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Set Up the Task Tracker Tutorial Backend

Prerequisites

Before you get started, you’ll need a MongoDB Atlas account and cluster. For details on how to create an account and set up a free M0 cluster, see Get Started with Atlas.

Version 4.4 Required

In order to use Realm Sync, your Atlas cluster must use MongoDB version 4.4. When setting up your cluster, select MongoDB 4.4 - Beta from the dropdown menu under Additional Settings.

A. Create a MongoDB Realm App

To begin, you need to create a new Realm app. A Realm app is a central, server-side configuration that functions as the backend for your application.

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Start Creating a New App

In MongoDB Atlas, navigate to the project that you want to create the app in. Once in your project, click the Realm tab in the top navigation and then click Create a New App.

../../_images/task-tracker-web-create-new-app.png
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Name the App

Enter a name for your application. In this tutorial we’ll use the name task-tracker-tutorial, but you can choose another name if you prefer to. Realm app names must be alphanumeric and have fewer than 64 characters.

../../_images/task-tracker-web-name-your-application.png
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Create the App

Click Create Realm Application. Realm will create your new app and automatically redirect you to the app’s dashboard.

B. Define Your Data Model

In MongoDB Realm, all data conforms to schemas that you define. The types described by these schemas make up your app’s data model and are a key part of data access and security. Realm uses your data model to generate GraphQL types and operations as well as to validate reads and writes.

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Set Up the MongoDB Collections

You define the schemas for all data in your application as rules for collections in a linked MongoDB Atlas cluster. To define rules for a collection, you first need to make the collection available to your Realm app.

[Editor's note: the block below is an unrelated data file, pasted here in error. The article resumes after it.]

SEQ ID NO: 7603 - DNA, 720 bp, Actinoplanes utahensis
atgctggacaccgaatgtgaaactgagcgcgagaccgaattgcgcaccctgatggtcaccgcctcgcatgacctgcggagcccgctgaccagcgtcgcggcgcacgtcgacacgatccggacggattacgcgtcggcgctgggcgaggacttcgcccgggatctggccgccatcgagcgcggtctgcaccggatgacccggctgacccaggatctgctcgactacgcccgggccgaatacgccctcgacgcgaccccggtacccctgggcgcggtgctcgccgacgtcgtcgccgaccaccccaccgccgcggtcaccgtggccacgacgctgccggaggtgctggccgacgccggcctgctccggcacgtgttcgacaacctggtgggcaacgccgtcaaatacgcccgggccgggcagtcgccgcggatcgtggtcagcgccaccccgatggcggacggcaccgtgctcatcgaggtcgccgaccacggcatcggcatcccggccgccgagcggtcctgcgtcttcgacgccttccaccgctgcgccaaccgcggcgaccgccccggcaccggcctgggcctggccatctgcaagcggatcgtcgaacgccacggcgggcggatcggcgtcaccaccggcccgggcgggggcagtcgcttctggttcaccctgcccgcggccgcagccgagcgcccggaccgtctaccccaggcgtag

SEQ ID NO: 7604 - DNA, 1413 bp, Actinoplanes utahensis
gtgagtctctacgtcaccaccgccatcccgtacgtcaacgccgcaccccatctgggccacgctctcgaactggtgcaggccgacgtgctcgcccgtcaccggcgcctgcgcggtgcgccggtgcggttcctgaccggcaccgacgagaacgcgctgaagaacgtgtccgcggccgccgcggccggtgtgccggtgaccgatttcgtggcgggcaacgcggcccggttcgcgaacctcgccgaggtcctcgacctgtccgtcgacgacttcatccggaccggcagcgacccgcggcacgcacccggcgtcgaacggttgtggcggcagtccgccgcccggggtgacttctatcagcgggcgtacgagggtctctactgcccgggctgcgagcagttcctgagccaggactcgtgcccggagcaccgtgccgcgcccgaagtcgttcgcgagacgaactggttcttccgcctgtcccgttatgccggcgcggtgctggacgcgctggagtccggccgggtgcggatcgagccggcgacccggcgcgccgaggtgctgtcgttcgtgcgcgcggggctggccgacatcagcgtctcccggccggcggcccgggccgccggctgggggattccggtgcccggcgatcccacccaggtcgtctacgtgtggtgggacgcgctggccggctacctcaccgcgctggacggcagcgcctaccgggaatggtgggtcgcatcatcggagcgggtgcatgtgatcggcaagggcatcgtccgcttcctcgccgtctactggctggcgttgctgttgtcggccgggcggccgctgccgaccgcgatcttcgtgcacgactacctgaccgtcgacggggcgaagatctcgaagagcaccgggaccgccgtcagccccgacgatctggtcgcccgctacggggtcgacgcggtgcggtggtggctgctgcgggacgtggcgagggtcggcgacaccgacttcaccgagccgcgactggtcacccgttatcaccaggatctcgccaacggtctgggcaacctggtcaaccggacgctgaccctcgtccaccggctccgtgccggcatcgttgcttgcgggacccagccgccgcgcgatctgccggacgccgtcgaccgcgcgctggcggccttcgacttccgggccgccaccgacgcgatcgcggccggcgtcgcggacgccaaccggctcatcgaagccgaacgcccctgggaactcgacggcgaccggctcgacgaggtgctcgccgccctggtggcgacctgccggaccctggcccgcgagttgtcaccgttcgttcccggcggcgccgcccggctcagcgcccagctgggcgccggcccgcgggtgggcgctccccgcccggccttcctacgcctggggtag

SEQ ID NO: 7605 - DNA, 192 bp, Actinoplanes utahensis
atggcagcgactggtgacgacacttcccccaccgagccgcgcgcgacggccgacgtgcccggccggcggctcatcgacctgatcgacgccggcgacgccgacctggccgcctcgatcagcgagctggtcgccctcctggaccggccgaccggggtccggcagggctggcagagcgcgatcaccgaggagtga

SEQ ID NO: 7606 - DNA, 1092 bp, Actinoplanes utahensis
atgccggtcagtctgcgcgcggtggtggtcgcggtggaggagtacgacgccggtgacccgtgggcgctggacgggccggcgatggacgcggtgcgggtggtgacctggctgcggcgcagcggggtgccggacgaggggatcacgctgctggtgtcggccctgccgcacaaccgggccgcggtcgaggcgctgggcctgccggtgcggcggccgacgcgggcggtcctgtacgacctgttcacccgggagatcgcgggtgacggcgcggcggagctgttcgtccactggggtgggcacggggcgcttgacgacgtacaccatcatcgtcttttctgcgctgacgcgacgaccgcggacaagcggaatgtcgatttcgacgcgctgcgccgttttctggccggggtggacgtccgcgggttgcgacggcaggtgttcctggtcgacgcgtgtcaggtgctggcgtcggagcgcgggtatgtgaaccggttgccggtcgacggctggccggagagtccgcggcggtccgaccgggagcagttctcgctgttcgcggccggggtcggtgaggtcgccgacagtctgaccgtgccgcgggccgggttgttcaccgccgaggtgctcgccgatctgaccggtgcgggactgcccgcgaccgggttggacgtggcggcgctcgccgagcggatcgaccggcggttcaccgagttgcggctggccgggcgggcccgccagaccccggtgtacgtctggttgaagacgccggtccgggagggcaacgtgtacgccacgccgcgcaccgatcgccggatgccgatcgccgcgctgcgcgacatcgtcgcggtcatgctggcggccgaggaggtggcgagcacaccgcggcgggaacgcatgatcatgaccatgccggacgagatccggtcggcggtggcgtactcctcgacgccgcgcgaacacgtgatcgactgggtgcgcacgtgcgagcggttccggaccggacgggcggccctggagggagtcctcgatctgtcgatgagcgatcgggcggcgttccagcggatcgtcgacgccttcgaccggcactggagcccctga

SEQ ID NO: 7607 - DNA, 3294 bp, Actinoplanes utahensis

For this app, we’ll use three collections: projects, users, and tasks.

Click Rules in the lefthand navigation to navigate to the rules editor. In the left sidebar of the rules editor, find the name of your linked cluster and click the plus button next to it. Realm will prompt you to add a new collection.

For Database Name, enter tracker and for Collection Name, enter tasks. We’ll define our own permissions in a bit, so don’t select any permissions template. Click Add Collection to finish setting up the tracker.tasks collection.

Once complete, repeat this process to set up the tracker.users and tracker.projects collections as well.

../../_images/task-tracker-web-setup-collections.png
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Define a Schema for Project Documents

We want to group related tasks together into a single project. To do this, we can store metadata for each project in the tracker.projects collection and indicate the project that each task belongs to in the task document.

In the rules editor, select the tracker.projects collection and then click the Schema tab. Paste in the following schema and then click Save.

{
  "title": "Project",
  "bsonType": "object",
  "required": [
    "_id",
    "_partition",
    "name"
  ],
  "properties": {
    "_id": {
      "bsonType": "objectId"
    },
    "_partition": {
      "bsonType": "string"
    },
    "name": {
      "bsonType": "string"
    }
  }
}

Sync Rules

In this project, we primarily use projects to handle security for mobile applications using sync. Task and User documents include a project name as their partition key which allows us to sync tasks for all of a user’s projects.

Data access permissions work differently for synced and non-synced clusters, so you won’t use these partition keys if you only connect through the GraphQL API.

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Define a Schema for User Documents

We want to store some information for each user of the app in the tracker.users collection, such as their name and avatar image. These documents are separate from Realm’s internal user objects, so we’ll also store each user’s ID value in the user_id field of their document. This lets us identify which document describes a given user later when we want to access their information. To codify this, we’ll use a schema that defines the shape and contents of user documents.

In the rules editor, select the tracker.users collection and then click the Schema tab. Paste in the following schema and then click Save.

{
  "title": "User",
  "required": [
    "_id",
    "_partition",
    "user_id",
    "name"
  ],
  "properties": {
    "_id": {
      "bsonType": "objectId"
    },
    "_partition": {
      "bsonType": "string"
    },
    "user_id": {
      "bsonType": "string"
    },
    "name": {
      "bsonType": "string"
    },
    "image": {
      "bsonType": "string"
    }
  }
}
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Define a Schema for Task Documents